Yesterday, Cyprus’ Gaming and Casino Supervision Commission revealed that the three casinos in the country had attracted around 470,000 visitors by the end of January 2019. The amount spent by them was estimated at €210 million.
According to data provided by Christos Mavrellis, the chairman of the Commission, the majority of gamblers who visited the casinos – about 80% – were local residents. The three casinos were also visited by many visitors from other countries, and by Greeks as well.
As revealed by the Gaming and Casino Supervision Commission to the House ethics committee, an overall amount of €175 million was returned to gamblers in the form of winnings in the period from June 2018 to January 2019. The revenue received by the gambling operator in the same period of time amounted to €35 million, with €5.25 million paid out by the company in state tax. Mr. Mavrellis, further explained that an additional €4 million were paid as license fees to Cyprus competent authorities.
The first Cyprus casino started operation in Limassol in June 2018. Half a year later, in December, it was followed by two other gambling venues situated in Larnaca and Nicosia. For the time being, the staff at the three casinos mostly consists of local people.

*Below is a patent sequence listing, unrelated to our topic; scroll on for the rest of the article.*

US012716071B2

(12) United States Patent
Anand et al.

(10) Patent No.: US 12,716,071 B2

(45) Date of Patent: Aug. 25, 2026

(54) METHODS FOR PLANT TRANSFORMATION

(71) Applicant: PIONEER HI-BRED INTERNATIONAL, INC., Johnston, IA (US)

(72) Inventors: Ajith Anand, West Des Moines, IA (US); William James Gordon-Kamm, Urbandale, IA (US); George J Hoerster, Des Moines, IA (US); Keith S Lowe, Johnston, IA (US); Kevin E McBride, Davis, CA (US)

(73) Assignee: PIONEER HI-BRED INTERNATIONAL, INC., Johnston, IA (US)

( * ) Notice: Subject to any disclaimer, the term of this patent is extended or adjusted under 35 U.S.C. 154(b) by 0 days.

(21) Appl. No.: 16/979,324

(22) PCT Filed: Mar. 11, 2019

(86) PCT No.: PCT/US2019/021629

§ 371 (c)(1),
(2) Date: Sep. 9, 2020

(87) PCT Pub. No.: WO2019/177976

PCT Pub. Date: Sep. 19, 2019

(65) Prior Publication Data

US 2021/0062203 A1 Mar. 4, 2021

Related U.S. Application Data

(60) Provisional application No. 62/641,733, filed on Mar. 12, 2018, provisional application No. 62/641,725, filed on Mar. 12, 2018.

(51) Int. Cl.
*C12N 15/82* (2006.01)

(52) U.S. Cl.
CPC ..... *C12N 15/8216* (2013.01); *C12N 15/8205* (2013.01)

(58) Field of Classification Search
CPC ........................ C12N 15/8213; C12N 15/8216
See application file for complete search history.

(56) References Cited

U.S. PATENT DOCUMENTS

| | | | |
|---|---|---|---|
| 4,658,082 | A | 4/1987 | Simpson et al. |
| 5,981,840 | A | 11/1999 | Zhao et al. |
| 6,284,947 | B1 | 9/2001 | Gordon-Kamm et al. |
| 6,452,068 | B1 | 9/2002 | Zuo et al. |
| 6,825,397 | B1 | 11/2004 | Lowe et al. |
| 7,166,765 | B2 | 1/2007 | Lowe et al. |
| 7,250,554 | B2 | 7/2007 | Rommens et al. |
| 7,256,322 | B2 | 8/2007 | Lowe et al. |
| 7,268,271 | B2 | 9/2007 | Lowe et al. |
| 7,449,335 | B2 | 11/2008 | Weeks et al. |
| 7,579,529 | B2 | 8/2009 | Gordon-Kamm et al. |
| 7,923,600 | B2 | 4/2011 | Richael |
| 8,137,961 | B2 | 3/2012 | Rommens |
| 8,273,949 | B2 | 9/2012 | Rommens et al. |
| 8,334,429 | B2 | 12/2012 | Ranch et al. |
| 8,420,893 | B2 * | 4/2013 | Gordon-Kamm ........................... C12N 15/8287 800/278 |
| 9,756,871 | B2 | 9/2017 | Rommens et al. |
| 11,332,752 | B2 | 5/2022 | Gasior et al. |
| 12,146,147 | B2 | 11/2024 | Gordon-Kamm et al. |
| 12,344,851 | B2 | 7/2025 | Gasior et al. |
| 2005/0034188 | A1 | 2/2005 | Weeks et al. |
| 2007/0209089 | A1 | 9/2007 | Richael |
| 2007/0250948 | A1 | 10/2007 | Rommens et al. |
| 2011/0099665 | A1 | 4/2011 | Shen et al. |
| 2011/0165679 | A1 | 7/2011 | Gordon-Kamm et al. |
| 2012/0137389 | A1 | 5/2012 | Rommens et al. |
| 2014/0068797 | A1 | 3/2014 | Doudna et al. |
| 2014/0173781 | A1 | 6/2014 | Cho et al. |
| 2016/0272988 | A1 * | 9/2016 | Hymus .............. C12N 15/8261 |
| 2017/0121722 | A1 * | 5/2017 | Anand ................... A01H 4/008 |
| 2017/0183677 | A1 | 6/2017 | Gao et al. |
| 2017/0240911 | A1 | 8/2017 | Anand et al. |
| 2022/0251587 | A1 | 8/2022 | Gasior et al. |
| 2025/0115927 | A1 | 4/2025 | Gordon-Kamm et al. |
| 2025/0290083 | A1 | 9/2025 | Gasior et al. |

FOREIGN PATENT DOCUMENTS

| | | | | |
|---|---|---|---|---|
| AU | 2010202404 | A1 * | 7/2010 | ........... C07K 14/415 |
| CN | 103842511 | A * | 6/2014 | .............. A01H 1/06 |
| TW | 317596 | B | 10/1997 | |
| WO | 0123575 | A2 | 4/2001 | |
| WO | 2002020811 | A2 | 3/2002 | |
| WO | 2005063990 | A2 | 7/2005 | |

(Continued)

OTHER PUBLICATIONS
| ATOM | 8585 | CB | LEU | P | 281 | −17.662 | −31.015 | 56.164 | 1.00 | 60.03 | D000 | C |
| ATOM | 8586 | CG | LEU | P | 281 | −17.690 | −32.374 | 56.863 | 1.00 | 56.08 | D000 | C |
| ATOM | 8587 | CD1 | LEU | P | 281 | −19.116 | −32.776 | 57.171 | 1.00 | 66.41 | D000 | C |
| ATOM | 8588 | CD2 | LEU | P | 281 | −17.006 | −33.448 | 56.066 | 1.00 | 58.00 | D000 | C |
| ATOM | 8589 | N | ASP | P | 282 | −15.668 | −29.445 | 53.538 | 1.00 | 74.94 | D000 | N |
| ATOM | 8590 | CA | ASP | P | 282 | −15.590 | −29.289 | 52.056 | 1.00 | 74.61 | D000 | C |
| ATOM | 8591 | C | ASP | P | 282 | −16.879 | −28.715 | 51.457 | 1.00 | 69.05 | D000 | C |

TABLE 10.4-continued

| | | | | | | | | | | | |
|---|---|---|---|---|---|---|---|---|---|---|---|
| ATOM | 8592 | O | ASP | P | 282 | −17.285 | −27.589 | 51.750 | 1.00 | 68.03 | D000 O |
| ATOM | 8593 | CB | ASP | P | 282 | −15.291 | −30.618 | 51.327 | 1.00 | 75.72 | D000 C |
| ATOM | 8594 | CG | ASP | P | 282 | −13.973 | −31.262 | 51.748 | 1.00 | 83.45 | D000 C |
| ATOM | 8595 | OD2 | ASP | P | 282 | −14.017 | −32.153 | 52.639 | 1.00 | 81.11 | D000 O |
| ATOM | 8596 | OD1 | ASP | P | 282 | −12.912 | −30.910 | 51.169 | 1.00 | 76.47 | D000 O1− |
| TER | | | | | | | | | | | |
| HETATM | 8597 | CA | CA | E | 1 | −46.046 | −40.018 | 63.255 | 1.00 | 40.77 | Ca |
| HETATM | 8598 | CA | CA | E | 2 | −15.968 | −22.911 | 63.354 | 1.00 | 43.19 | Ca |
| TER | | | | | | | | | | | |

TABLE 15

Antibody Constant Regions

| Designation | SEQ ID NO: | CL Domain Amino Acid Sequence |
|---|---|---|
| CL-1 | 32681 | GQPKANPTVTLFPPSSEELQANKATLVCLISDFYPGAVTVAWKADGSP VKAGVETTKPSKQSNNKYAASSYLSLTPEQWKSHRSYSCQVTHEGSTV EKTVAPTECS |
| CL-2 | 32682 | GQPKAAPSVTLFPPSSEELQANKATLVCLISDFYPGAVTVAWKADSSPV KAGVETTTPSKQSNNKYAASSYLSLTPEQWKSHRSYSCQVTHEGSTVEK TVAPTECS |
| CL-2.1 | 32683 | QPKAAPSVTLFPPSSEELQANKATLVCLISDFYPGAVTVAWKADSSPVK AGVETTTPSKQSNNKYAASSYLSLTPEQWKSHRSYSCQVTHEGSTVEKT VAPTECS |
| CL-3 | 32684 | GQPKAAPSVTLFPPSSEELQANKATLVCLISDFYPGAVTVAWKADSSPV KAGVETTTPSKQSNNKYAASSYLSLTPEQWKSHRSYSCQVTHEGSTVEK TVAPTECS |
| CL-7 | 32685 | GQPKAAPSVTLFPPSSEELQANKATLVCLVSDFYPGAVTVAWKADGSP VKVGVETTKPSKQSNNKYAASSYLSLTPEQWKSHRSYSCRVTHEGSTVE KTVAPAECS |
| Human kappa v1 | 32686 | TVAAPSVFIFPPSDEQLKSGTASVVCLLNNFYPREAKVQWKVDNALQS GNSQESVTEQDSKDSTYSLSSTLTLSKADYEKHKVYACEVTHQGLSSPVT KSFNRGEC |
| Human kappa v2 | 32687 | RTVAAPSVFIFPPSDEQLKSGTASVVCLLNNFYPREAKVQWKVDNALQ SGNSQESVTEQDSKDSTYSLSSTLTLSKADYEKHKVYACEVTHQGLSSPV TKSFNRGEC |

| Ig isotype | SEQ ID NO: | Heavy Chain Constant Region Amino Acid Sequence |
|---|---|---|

Mavrellis Turns Down MPs’ Concerns with Gambling-Related Harm Risks
After the head of the country’s Gaming and Casino Supervision Commission provided the details regarding the number of tourists who visited Cyprus’ three casinos, some MPs suggested that the establishments have not attracted the expected number of visitors so far.
Mr. Mavrellis explained that 300,000 more tourists were expected on an annual basis when the Limassol-based casino resort starts operation in 2021. He further noted that a tour operator interested in bringing foreign gamblers to the country has already approached the Commission. According to expectations, such request would probably become more frequent when the €550-million gambling venue came closer to completion.
Some MPs have suggested that the opening of the casino could boost the risks of problem gambling, but the Commission’s chair explained that gambling addictions could be unlocked by other forms of gambling, too, especially the ones that are widely accessible across the country. Mr. Mavrellis shared that problem gamblers whose compulsive gambling habit had affected their families were suspended from entering the casino, and the venue’s staff is instructed to monitor players at certain intervals of time depending on the amounts of money they spend.
Furthermore, some MPs shared their fears that the casino in Nicosia is situated in close proximity to a local university department and could have a detrimental impact on students. The Commission’s chair, however, explained that the casino operation hours started at 3:00 PM when students’ classes finished and customers must be over 21 years of age to be allowed to enter the casino. Mr. Mavrellis also revealed that more than 200 individuals had not been allowed to enter because they had no ID.